Methodist giving dropped as membership declined: But number of churchgoers up

April 6, 2010

U.S. membership in the United Methodist Church fell to 7.77 million in 2008—its biggest one-year percentage drop (1.01 percent) since 1974.

Giving was down as well in that first year of the recession as the largest mainline denomination received only 89 percent, or $126.3 million, of what was budgeted for domestic and foreign missions. Average worship attendance was down 1.83 percent for that year, officials told the United Methodist News Service.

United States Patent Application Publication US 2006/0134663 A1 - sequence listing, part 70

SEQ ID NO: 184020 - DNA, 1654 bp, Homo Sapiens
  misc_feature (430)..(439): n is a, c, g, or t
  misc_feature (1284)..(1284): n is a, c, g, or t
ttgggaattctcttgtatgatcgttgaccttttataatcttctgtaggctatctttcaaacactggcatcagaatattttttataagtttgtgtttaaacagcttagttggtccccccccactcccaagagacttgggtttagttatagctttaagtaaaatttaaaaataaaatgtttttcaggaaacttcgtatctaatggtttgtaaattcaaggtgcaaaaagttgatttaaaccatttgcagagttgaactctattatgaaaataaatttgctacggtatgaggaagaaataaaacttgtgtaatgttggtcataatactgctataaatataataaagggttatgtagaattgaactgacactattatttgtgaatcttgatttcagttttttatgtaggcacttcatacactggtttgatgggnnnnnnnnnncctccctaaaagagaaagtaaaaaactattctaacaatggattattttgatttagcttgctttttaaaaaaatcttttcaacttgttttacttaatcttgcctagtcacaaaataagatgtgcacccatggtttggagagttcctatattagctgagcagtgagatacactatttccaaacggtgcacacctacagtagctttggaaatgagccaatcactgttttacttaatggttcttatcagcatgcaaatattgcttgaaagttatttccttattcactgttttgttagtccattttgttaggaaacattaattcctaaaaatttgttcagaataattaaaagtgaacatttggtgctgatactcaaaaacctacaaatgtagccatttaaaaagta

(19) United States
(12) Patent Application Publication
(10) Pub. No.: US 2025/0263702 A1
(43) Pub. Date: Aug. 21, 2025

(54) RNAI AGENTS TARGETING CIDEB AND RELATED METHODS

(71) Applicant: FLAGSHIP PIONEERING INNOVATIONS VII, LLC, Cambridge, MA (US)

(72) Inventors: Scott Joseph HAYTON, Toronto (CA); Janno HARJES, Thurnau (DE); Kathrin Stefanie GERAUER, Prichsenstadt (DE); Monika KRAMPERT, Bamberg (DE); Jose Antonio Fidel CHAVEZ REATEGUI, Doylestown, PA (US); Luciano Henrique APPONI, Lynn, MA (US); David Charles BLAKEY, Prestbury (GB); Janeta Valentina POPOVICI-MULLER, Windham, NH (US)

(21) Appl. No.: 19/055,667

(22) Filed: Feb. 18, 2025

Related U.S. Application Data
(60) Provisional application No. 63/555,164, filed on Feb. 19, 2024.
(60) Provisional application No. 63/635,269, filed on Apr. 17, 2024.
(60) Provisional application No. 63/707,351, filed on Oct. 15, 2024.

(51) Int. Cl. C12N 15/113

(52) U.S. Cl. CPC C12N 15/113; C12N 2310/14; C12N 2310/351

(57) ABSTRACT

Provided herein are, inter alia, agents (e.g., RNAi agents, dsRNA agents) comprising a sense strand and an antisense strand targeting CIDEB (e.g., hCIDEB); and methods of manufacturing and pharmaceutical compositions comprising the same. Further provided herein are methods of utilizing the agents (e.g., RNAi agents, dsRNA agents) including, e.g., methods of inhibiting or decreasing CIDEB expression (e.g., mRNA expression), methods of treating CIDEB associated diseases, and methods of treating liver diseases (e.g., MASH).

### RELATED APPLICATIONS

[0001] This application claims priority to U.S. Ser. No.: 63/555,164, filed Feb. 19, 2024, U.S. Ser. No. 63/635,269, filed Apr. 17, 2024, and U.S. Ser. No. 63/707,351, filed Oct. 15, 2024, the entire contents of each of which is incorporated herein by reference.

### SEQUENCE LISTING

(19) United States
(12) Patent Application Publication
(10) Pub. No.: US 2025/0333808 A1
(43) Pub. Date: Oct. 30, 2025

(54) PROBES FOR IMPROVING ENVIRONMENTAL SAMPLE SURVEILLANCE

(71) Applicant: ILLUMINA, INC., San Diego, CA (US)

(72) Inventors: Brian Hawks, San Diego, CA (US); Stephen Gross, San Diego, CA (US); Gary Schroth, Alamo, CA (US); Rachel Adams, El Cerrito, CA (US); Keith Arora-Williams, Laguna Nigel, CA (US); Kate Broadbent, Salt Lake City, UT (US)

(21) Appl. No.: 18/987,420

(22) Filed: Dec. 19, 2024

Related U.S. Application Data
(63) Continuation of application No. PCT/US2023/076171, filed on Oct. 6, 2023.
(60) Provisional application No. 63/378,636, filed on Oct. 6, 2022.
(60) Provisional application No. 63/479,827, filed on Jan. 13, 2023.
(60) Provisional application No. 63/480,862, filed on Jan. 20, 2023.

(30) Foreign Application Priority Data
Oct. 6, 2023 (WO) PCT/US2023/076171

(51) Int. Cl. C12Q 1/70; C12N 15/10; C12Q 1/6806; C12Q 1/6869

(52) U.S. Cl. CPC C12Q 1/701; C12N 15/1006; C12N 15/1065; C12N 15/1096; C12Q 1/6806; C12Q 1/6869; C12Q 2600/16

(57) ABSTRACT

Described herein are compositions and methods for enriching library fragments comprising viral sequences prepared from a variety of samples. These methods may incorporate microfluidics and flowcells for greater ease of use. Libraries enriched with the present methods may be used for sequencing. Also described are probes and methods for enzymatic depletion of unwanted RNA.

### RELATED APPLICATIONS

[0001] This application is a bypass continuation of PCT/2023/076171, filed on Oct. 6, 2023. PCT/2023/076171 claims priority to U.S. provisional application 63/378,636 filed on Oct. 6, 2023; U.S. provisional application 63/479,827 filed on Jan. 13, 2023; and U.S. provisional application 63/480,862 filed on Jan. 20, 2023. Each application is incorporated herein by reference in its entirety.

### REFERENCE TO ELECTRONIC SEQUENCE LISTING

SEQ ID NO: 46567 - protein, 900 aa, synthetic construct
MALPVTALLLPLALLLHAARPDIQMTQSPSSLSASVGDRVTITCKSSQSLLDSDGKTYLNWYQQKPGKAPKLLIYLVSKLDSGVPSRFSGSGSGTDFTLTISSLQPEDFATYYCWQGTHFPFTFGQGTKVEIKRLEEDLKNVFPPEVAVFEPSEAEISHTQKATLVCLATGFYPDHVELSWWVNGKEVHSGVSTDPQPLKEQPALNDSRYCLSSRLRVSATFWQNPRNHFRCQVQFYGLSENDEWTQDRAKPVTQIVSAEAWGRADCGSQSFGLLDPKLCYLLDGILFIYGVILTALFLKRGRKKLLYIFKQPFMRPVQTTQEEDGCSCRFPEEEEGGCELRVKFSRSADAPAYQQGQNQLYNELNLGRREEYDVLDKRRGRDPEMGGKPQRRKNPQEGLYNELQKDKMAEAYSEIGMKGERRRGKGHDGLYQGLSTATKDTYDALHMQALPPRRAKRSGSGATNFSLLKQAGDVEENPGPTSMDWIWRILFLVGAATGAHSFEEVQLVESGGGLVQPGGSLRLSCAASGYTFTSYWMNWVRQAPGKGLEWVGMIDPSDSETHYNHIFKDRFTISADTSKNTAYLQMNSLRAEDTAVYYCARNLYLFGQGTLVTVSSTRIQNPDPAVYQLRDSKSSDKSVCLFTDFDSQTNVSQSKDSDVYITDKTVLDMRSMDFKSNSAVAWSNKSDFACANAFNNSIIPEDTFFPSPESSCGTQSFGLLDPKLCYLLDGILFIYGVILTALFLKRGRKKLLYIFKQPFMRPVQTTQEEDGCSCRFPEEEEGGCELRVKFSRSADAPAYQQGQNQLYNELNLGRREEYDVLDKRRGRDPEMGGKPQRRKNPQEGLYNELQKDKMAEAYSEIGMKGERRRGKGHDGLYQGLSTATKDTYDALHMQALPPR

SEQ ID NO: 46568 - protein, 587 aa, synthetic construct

Though figures are not yet tallied for 2009, “church leaders are reporting that ministry happened on tighter budgets,” said Moses Kumar, top executive of the United Methodist General Council on Finance and Administration.

Methodists saw an upturn in 2008, however, in a lesser-known category of churchgoers counted by the UMC. The number of “constituents,” persons who are not church members but for whom the church assumes pastoral responsibility, increased 1 percent over the 2007 total. Increases in that category were reported by 36 of the 63 annual (regional) conferences.

“This indicates the picture may not be as bleak as the membership data alone indicate,” said Scott Brewer, an official with the finance council. “We assume that increasingly people getting active in churches today are more reluctant to officially become a member of the church.”